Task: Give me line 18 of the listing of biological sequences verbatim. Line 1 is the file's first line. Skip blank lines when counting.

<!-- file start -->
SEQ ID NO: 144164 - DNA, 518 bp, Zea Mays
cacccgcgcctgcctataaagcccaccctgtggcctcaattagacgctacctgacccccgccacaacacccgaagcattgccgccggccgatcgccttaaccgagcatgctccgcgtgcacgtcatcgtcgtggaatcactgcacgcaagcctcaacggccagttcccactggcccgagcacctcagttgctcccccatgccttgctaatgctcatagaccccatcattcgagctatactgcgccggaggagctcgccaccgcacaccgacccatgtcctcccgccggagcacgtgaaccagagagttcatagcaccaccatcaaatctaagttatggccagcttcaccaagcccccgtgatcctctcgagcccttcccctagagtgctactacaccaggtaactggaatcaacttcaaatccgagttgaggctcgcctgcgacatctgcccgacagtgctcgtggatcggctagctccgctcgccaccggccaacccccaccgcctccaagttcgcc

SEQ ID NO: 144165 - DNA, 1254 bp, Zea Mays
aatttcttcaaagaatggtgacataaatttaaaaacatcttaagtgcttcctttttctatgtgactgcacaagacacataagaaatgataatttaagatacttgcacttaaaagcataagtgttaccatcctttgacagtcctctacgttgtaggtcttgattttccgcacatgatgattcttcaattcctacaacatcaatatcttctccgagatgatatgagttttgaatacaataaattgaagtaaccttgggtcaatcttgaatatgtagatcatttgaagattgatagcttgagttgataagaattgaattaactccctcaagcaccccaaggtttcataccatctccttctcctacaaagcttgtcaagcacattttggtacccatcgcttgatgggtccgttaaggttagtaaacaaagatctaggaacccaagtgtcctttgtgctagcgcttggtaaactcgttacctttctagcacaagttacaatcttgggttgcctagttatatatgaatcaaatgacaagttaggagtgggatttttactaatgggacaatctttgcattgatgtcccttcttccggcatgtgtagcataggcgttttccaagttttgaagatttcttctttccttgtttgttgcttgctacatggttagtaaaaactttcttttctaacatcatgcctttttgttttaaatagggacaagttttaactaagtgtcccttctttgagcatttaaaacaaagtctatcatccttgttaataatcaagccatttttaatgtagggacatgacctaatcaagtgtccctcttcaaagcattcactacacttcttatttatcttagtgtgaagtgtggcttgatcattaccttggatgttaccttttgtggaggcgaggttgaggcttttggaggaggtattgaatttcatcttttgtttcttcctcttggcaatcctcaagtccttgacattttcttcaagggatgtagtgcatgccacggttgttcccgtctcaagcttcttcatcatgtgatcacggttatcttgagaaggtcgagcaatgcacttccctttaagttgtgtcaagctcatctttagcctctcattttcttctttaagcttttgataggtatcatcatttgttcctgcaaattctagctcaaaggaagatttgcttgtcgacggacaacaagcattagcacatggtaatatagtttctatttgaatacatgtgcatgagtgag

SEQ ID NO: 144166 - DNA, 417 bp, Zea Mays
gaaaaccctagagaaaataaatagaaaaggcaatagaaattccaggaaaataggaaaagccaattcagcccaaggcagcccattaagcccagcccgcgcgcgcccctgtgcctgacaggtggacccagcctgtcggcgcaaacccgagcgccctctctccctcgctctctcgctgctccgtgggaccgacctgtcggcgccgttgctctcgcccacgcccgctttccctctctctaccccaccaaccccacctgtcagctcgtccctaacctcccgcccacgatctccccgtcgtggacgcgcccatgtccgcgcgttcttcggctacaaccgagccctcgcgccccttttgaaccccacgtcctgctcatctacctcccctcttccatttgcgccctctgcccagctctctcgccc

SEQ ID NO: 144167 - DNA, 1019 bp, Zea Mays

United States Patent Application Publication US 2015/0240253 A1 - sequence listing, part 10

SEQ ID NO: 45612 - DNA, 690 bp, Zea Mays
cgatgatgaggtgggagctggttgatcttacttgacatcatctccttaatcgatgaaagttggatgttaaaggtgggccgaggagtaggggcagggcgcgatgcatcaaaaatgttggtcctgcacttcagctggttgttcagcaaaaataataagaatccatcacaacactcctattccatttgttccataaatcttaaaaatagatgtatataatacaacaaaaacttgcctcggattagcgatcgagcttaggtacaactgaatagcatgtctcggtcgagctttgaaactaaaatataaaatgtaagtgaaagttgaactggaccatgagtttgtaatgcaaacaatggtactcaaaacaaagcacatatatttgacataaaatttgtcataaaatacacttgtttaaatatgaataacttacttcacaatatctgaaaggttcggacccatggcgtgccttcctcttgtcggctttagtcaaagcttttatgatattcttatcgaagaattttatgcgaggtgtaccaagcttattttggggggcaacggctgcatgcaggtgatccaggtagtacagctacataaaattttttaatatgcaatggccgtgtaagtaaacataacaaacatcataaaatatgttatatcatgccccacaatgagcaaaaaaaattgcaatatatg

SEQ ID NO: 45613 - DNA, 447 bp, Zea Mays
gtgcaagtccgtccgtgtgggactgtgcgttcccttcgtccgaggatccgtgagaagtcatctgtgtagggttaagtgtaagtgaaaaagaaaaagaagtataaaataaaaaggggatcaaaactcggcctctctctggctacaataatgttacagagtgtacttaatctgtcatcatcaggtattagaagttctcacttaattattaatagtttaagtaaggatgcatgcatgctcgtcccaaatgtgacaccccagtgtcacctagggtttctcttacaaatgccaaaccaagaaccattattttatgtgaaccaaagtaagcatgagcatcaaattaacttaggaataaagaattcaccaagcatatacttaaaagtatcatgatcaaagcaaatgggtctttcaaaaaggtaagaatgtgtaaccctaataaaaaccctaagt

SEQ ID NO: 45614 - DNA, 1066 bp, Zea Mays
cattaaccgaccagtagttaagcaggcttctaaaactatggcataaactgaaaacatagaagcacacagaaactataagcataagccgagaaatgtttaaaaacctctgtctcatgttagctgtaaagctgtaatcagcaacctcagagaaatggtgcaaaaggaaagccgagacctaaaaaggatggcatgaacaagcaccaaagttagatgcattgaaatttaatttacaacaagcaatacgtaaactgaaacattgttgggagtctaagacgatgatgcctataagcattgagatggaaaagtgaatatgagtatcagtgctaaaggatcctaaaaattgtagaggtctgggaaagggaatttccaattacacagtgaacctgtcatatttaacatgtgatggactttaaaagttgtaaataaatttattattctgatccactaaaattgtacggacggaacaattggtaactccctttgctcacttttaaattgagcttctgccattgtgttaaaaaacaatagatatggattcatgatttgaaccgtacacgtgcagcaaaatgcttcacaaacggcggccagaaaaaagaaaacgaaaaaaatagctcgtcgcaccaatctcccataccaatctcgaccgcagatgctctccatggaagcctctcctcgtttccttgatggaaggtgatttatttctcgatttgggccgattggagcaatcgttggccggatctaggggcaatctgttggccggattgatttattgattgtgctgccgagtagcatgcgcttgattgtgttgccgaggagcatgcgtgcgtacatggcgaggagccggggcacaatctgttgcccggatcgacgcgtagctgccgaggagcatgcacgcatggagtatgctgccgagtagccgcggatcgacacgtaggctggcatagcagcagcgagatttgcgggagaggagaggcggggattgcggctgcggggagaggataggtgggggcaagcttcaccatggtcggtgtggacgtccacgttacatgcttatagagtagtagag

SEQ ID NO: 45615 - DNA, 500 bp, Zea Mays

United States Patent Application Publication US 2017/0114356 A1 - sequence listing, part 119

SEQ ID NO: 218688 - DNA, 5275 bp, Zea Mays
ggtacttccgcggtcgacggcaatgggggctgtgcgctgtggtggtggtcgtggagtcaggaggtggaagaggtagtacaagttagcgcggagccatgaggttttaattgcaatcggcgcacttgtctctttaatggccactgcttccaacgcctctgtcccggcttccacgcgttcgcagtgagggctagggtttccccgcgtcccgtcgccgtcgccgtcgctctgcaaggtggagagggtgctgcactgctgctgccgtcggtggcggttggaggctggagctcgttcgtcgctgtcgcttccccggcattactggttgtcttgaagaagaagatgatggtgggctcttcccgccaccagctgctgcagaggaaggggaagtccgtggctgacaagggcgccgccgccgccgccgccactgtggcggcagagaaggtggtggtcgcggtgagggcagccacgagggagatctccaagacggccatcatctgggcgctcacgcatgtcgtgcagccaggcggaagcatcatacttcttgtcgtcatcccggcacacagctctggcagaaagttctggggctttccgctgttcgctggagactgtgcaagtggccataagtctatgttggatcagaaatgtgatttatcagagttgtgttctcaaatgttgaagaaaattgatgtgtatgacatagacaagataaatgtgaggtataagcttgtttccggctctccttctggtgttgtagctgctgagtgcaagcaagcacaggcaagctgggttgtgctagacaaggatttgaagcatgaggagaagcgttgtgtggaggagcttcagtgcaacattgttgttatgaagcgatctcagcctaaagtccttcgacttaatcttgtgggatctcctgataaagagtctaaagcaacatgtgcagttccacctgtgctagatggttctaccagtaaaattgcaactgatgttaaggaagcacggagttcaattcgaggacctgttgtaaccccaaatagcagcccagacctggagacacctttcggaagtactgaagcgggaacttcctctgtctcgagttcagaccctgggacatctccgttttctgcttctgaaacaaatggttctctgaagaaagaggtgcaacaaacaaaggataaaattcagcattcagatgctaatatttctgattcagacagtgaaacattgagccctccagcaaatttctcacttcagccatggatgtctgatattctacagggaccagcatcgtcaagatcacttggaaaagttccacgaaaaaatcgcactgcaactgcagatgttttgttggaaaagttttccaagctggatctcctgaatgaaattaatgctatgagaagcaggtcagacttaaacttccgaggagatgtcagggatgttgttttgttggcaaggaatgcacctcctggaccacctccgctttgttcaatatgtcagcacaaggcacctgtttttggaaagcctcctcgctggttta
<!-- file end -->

ggtacttccgcggtcgacggcaatgggggctgtgcgctgtggtggtggtcgtggagtcaggaggtggaagaggtagtacaagttagcgcggagccatgaggttttaattgcaatcggcgcacttgtctctttaatggccactgcttccaacgcctctgtcccggcttccacgcgttcgcagtgagggctagggtttccccgcgtcccgtcgccgtcgccgtcgctctgcaaggtggagagggtgctgcactgctgctgccgtcggtggcggttggaggctggagctcgttcgtcgctgtcgcttccccggcattactggttgtcttgaagaagaagatgatggtgggctcttcccgccaccagctgctgcagaggaaggggaagtccgtggctgacaagggcgccgccgccgccgccgccactgtggcggcagagaaggtggtggtcgcggtgagggcagccacgagggagatctccaagacggccatcatctgggcgctcacgcatgtcgtgcagccaggcggaagcatcatacttcttgtcgtcatcccggcacacagctctggcagaaagttctggggctttccgctgttcgctggagactgtgcaagtggccataagtctatgttggatcagaaatgtgatttatcagagttgtgttctcaaatgttgaagaaaattgatgtgtatgacatagacaagataaatgtgaggtataagcttgtttccggctctccttctggtgttgtagctgctgagtgcaagcaagcacaggcaagctgggttgtgctagacaaggatttgaagcatgaggagaagcgttgtgtggaggagcttcagtgcaacattgttgttatgaagcgatctcagcctaaagtccttcgacttaatcttgtgggatctcctgataaagagtctaaagcaacatgtgcagttccacctgtgctagatggttctaccagtaaaattgcaactgatgttaaggaagcacggagttcaattcgaggacctgttgtaaccccaaatagcagcccagacctggagacacctttcggaagtactgaagcgggaacttcctctgtctcgagttcagaccctgggacatctccgttttctgcttctgaaacaaatggttctctgaagaaagaggtgcaacaaacaaaggataaaattcagcattcagatgctaatatttctgattcagacagtgaaacattgagccctccagcaaatttctcacttcagccatggatgtctgatattctacagggaccagcatcgtcaagatcacttggaaaagttccacgaaaaaatcgcactgcaactgcagatgttttgttggaaaagttttccaagctggatctcctgaatgaaattaatgctatgagaagcaggtcagacttaaacttccgaggagatgtcagggatgttgttttgttggcaaggaatgcacctcctggaccacctccgctttgttcaatatgtcagcacaaggcacctgtttttggaaagcctcctcgctggttta